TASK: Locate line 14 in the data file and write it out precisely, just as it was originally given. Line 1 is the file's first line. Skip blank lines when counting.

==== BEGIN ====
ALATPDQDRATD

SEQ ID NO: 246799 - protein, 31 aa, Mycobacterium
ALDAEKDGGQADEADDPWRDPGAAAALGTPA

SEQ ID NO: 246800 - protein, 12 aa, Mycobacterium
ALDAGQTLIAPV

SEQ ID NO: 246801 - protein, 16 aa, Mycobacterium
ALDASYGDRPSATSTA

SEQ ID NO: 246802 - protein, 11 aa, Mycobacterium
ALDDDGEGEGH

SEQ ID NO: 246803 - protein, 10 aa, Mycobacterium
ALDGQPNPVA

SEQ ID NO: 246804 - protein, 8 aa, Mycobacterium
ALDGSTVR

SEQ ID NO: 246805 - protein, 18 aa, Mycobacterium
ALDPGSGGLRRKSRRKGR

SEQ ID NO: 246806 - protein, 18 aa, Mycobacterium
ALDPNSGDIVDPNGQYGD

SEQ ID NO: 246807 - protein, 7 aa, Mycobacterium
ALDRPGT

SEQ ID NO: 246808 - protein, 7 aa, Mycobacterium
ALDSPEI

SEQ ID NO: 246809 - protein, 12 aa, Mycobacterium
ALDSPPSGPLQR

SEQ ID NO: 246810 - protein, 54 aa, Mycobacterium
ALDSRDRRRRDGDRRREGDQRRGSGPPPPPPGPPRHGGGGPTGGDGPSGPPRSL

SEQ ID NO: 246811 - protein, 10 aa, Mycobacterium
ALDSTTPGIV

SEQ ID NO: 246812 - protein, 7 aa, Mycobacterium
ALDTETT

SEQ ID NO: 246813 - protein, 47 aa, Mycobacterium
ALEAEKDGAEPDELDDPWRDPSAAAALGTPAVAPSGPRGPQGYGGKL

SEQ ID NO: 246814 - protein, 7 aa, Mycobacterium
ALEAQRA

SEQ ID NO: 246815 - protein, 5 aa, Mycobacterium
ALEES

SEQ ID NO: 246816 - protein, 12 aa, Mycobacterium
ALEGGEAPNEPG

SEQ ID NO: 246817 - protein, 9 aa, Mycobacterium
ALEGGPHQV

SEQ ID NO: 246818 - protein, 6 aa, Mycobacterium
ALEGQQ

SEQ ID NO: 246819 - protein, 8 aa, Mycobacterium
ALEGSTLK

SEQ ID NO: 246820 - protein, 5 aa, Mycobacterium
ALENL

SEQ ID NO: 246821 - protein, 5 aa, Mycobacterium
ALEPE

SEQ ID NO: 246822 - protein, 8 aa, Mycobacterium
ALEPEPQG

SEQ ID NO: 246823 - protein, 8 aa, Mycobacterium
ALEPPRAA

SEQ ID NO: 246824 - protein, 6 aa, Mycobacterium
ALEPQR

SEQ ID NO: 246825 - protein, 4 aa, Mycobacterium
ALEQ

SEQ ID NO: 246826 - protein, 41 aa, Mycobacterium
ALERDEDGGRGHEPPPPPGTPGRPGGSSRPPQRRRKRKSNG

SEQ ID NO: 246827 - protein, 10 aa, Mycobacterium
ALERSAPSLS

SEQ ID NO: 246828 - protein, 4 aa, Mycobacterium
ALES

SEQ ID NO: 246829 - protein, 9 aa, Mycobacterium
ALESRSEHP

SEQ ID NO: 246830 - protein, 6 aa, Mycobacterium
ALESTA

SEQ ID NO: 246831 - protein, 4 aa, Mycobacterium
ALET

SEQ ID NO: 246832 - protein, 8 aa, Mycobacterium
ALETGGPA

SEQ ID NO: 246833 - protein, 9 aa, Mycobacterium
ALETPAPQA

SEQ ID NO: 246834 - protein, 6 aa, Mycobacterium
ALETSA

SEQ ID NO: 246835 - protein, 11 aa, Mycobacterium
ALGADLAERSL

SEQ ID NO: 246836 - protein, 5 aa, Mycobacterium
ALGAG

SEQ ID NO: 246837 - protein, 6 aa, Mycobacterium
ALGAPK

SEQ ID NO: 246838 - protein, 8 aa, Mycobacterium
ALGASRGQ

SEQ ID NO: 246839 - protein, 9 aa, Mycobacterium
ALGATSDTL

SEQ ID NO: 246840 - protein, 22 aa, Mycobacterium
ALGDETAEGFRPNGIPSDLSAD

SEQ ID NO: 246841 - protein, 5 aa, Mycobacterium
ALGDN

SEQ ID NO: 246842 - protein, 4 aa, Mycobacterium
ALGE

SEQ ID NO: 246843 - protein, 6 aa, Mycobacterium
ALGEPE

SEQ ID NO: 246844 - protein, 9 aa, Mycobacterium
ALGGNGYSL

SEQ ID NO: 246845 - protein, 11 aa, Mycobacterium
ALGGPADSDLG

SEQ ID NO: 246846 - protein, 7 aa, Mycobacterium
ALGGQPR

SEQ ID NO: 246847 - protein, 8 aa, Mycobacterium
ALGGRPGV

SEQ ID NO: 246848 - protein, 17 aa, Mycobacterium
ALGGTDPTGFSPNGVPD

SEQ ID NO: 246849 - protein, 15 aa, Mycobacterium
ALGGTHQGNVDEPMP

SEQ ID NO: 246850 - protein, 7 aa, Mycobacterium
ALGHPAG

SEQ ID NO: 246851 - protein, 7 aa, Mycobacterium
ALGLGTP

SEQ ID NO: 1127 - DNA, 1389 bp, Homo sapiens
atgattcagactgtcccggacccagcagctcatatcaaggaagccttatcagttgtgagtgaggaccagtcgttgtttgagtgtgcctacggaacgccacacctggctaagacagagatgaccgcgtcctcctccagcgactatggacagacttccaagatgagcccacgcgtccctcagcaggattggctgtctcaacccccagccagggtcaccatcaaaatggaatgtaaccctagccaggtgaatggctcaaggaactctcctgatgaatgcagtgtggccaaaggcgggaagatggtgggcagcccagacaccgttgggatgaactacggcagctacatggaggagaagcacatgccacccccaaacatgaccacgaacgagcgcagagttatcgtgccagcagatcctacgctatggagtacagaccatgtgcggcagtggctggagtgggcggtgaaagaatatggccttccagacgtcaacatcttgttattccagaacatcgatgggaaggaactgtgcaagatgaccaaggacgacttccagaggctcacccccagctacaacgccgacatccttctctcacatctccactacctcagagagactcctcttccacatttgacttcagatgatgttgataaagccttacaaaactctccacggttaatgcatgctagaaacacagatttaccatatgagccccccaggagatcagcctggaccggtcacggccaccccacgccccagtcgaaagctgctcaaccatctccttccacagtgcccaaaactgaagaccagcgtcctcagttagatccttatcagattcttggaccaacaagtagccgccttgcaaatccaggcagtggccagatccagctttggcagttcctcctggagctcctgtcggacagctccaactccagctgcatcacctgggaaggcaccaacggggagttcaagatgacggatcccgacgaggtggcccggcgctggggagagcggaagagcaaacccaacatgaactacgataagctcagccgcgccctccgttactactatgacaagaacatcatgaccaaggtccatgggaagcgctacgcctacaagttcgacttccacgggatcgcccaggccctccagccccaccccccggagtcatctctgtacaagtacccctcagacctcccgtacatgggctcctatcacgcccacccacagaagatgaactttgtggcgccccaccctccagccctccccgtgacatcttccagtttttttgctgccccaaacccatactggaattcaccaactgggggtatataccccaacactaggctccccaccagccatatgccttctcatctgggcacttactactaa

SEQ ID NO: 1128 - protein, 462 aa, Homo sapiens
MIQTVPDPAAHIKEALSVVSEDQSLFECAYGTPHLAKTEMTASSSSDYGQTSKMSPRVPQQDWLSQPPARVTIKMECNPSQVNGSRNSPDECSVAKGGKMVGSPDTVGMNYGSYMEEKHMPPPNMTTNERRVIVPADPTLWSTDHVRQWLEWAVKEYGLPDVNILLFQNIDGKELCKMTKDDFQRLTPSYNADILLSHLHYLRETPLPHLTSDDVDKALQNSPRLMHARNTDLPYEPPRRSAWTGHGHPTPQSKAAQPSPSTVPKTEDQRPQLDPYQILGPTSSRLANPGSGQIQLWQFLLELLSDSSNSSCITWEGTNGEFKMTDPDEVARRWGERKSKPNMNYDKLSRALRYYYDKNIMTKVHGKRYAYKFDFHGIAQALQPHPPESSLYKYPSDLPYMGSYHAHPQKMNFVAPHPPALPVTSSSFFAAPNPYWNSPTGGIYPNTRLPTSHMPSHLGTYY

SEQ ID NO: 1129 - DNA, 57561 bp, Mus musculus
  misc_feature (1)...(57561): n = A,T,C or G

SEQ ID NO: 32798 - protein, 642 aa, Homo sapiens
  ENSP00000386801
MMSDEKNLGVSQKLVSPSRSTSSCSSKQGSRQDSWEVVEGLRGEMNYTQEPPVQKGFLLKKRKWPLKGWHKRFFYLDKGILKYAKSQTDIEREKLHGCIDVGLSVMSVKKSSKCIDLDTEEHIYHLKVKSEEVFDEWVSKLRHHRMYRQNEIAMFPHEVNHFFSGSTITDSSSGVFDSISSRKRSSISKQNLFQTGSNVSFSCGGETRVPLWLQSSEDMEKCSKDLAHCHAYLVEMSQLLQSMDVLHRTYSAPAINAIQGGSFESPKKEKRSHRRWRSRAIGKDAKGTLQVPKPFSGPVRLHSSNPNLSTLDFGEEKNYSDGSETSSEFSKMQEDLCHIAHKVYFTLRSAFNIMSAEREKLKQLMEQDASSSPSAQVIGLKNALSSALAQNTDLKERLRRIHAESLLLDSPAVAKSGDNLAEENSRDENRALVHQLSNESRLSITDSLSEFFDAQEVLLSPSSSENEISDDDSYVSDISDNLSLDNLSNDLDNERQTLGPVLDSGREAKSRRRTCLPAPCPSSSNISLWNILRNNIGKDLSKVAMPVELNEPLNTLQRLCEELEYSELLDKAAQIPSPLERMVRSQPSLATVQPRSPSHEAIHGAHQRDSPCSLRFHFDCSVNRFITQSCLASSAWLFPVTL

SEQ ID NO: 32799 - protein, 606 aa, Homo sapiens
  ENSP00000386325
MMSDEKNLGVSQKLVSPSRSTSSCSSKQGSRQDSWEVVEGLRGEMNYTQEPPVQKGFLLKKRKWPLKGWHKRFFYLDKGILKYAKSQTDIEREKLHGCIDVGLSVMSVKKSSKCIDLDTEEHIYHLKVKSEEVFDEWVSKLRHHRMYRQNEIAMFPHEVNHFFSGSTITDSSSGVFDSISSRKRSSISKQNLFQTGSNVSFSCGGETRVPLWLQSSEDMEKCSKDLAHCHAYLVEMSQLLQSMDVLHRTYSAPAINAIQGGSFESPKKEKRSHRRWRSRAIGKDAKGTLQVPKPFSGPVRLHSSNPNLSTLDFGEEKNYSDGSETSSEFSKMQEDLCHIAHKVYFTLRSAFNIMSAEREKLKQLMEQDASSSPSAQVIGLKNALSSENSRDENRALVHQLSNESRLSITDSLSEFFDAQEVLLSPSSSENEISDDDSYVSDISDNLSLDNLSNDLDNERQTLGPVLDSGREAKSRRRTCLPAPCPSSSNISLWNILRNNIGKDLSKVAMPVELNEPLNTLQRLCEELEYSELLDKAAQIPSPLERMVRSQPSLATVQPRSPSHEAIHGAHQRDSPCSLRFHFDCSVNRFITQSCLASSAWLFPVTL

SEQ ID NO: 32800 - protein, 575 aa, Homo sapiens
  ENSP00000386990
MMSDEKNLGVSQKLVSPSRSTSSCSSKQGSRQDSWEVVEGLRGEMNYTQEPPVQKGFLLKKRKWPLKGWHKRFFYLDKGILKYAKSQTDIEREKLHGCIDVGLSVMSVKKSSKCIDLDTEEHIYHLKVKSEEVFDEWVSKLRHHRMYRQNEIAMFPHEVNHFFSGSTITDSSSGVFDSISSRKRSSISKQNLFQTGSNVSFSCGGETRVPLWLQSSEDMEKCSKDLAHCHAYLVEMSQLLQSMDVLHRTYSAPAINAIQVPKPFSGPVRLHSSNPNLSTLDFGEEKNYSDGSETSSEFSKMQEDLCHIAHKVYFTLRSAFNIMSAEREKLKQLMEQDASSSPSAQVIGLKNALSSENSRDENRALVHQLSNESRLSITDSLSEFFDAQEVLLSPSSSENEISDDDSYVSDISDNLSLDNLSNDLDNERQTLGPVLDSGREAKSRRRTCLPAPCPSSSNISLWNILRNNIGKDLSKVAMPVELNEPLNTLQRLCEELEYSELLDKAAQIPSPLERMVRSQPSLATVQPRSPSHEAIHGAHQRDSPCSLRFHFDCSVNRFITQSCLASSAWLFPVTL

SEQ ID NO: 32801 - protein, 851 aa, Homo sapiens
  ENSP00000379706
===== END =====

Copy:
SEQ ID NO: 246805 - protein, 18 aa, Mycobacterium